Nor does Forberg assert that the complaint could be amended to state a claim not subject to the privilege, a prerequisite to relief by way of an amended complaint.   A conclusionary allegation that defendants concealed evidence, to wit the photographs, would not be sufficient for a legally viable claim.   Forberg would have to allege some concealment other than the lies of defendants alleged in the present complaint, and that this concealment prevented him from acquiring the photographs which would have revealed the lies.   The only means of concealment of the photographs that he has suggested also involves falsehoods uttered in pursuit of the litigation.   At the hearing on the demurrer Forberg's counsel argued that the defendants had concealed the evidence because, although they had before and after photographs of the floor, “In response to a demand they produced the set showing only the floor afterward and failed to produce the other set, although proper demands had been made.”   But such a concealment by failure to produce is itself effected by an injurious falsehood.   That is the gravamen of the action.3

Since there is no claim of spoliation of evidence tendered that is not predicated upon a falsehood uttered in pursuit of the litigation there is no claim which is outside the ambit of the privilege.

The judgment is affirmed.

FOOTNOTES

1.   “ ‘We also consider matters which may be judicially noticed.’   (Serrano v. Priest (1971) 5 Cal.3d 584, 591 [96 Cal.Rptr. 601, 487 P.2d 1241, 41 A.L.R.3d 1187].)   Further, we give the complaint a reasonable interpretation, reading it as a whole and its parts in their context.   (Speegle v. Board of Fire Underwriters (1946) 29 Cal.2d 34, 42 [172 P.2d 867].)   When a demurrer is sustained, we determine whether the complaint states facts sufficient to constitute a cause of action.  (See Hill v. Miller (1966) 64 Cal.2d 757, 759 [51 Cal.Rptr. 689, 415 P.2d 33].)   And when it is sustained without leave to amend, we decide whether there is a reasonable possibility that the defect can be cured by amendment:  if it can be, the trial court has abused its discretion and we reverse;  if not, there has been no abuse of discretion and we affirm.  (Kilgore v. Younger (1982) 30 Cal.3d 770, 781 [180 Cal.Rptr. 657, 640 P.2d 793];  Cooper v. Leslie Salt Co. (1969) 70 Cal.2d 627, 636 [75 Cal.Rptr. 766, 451 P.2d 406].)   The burden of proving such reasonable possibility is squarely on the plaintiff.  (Cooper, Leslie Salt Co., supra, at p. 636 [75 Cal.Rptr. 766, 451 P.2d 406].)”  (Blank v. Kirwan, supra, 39 Cal.3d at p. 318, 216 Cal.Rptr. 718, 703 P.2d 58.)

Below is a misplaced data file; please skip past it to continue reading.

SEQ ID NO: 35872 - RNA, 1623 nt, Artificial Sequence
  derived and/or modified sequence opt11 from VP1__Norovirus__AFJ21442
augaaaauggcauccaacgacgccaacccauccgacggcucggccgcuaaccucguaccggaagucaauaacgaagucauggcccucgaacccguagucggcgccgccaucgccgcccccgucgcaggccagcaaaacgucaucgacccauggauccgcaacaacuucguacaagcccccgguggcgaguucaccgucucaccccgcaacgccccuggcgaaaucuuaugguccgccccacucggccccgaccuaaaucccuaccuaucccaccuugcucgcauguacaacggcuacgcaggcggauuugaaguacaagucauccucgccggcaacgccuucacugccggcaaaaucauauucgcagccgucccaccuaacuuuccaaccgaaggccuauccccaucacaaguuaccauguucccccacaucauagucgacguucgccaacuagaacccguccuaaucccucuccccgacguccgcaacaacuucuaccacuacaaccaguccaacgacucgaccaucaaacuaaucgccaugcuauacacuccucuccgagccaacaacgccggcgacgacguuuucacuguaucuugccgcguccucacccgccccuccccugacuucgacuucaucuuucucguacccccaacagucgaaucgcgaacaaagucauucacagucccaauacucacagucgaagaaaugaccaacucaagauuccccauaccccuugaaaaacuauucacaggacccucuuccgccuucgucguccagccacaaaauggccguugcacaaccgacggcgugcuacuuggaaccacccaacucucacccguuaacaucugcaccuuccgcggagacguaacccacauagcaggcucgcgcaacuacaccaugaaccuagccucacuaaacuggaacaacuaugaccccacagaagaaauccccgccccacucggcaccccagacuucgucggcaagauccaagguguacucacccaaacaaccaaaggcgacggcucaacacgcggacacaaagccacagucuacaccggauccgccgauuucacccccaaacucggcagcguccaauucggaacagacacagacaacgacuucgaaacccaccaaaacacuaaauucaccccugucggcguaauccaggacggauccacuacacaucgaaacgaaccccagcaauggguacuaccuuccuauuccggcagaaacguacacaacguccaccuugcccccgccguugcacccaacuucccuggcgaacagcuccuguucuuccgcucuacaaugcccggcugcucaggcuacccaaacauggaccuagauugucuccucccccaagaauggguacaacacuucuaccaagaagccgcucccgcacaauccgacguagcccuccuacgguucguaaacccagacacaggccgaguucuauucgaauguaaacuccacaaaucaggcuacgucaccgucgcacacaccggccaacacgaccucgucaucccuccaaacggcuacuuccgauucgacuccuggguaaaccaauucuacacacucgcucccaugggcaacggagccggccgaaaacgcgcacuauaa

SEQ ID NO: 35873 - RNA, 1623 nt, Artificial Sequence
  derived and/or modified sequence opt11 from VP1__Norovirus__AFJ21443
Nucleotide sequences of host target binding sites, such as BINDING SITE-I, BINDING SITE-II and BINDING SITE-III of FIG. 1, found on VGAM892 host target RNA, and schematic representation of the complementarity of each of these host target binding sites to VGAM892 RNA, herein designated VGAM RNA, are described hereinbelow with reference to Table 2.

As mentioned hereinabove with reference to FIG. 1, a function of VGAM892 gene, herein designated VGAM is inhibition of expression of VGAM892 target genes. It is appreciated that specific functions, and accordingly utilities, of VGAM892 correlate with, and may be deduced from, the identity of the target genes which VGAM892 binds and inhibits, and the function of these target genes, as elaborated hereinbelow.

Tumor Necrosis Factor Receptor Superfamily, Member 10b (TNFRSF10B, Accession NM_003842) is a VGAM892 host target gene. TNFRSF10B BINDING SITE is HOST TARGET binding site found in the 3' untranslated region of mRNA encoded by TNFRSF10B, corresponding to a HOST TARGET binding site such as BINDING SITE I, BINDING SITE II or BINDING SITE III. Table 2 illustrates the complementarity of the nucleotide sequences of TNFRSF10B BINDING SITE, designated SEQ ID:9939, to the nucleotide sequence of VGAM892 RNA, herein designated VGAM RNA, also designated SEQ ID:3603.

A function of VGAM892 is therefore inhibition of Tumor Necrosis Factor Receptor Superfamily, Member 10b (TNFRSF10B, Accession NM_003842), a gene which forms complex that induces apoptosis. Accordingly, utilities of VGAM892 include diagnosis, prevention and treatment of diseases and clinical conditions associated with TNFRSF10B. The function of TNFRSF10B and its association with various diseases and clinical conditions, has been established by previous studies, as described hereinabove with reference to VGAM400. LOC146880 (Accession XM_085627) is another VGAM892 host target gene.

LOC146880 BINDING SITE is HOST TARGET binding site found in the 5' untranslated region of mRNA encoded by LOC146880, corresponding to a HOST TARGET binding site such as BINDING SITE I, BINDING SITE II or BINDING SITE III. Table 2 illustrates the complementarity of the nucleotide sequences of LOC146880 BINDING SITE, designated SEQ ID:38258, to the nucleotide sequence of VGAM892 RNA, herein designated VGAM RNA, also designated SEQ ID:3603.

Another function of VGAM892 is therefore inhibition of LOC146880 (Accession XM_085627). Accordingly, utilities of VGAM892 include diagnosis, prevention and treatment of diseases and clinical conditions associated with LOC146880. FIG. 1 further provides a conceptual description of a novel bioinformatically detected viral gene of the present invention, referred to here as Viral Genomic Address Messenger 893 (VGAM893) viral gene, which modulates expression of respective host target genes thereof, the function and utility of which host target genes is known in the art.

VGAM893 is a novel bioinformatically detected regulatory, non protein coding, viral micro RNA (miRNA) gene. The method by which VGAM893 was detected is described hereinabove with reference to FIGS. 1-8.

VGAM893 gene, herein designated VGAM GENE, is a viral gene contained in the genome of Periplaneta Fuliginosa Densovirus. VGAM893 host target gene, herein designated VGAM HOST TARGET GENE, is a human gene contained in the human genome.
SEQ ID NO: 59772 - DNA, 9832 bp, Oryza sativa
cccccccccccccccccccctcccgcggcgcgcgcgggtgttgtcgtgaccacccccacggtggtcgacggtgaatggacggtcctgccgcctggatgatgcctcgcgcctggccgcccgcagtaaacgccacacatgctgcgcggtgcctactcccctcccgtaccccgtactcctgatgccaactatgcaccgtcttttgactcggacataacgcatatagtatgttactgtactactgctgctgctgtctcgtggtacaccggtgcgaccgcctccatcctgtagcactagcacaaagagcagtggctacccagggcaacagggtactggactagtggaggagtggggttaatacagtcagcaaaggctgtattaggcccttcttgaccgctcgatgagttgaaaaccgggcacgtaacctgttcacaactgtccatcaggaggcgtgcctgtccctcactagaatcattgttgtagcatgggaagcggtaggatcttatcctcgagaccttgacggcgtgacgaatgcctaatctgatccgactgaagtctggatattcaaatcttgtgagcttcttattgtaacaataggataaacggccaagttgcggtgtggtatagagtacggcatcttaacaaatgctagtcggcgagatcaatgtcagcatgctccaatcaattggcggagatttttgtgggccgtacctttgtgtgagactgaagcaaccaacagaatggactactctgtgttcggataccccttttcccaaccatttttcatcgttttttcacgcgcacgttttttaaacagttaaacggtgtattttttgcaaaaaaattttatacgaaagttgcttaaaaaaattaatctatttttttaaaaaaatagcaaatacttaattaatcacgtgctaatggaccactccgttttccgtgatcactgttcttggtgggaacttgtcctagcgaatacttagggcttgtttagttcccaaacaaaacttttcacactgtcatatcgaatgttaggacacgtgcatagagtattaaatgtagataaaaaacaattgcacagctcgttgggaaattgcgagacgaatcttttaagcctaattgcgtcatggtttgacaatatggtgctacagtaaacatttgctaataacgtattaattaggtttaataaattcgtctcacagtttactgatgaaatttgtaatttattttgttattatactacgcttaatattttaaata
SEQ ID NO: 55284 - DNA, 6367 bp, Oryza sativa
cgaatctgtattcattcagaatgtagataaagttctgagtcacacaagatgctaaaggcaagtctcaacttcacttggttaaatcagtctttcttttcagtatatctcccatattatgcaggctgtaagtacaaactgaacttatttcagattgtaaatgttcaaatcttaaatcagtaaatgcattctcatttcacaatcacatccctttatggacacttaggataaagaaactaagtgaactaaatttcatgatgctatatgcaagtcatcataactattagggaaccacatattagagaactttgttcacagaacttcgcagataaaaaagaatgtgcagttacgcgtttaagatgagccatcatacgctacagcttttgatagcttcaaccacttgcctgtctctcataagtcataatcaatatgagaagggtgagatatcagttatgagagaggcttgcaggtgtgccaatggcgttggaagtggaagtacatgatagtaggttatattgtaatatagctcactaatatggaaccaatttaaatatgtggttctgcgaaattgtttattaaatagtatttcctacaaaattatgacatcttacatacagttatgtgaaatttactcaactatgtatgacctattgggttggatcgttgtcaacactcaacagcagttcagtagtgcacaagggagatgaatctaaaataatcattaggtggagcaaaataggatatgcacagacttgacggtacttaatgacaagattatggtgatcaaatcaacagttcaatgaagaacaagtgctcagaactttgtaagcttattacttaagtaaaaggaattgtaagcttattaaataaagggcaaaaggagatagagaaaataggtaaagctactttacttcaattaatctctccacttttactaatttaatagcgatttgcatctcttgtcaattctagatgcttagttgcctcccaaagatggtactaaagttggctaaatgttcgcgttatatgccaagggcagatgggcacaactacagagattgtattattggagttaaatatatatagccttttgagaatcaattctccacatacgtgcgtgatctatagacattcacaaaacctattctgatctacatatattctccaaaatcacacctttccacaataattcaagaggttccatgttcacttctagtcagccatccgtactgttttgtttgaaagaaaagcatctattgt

2.   We note that one court has applied the privilege to a claim of concealment of evidence on the theory that it extends to any conduct constituting an offense partaking of the common law crime of obstruction of justice.  (See Agnew v. Parks (1959) 172 Cal.App.2d 756, 765–766, 343 P.2d 118;  contra, Smith, supra, 151 Cal.App.3d at pp. 497–499, 198 Cal.Rptr. 829.)   This logic would bar the sort of intentional spoliation of evidence claim tendered here.

3.   When there is a proper request for production of evidence the party upon whom the request is served must respond.   The response must identify under oath the “photographs ․ falling within the category specified in the request which are in the possession, custody, or control of the responding party․”  (E.g., former Code Civ.Proc., § 2031, subd. (b);  Stats.1980, ch. 23, § 1.)   Failure to identify the photographs in issue is the means of concealment.   That failure is a statement (see Evid.Code, § 225) that such photographs are not in the possession of the responding party.   If the statement is false and caused plaintiff to fail to discover the truth about the color of the floor it is a species of injurious falsehood.

BLEASE, Acting Presiding Justice.

CARR and SPARKS, JJ., concur.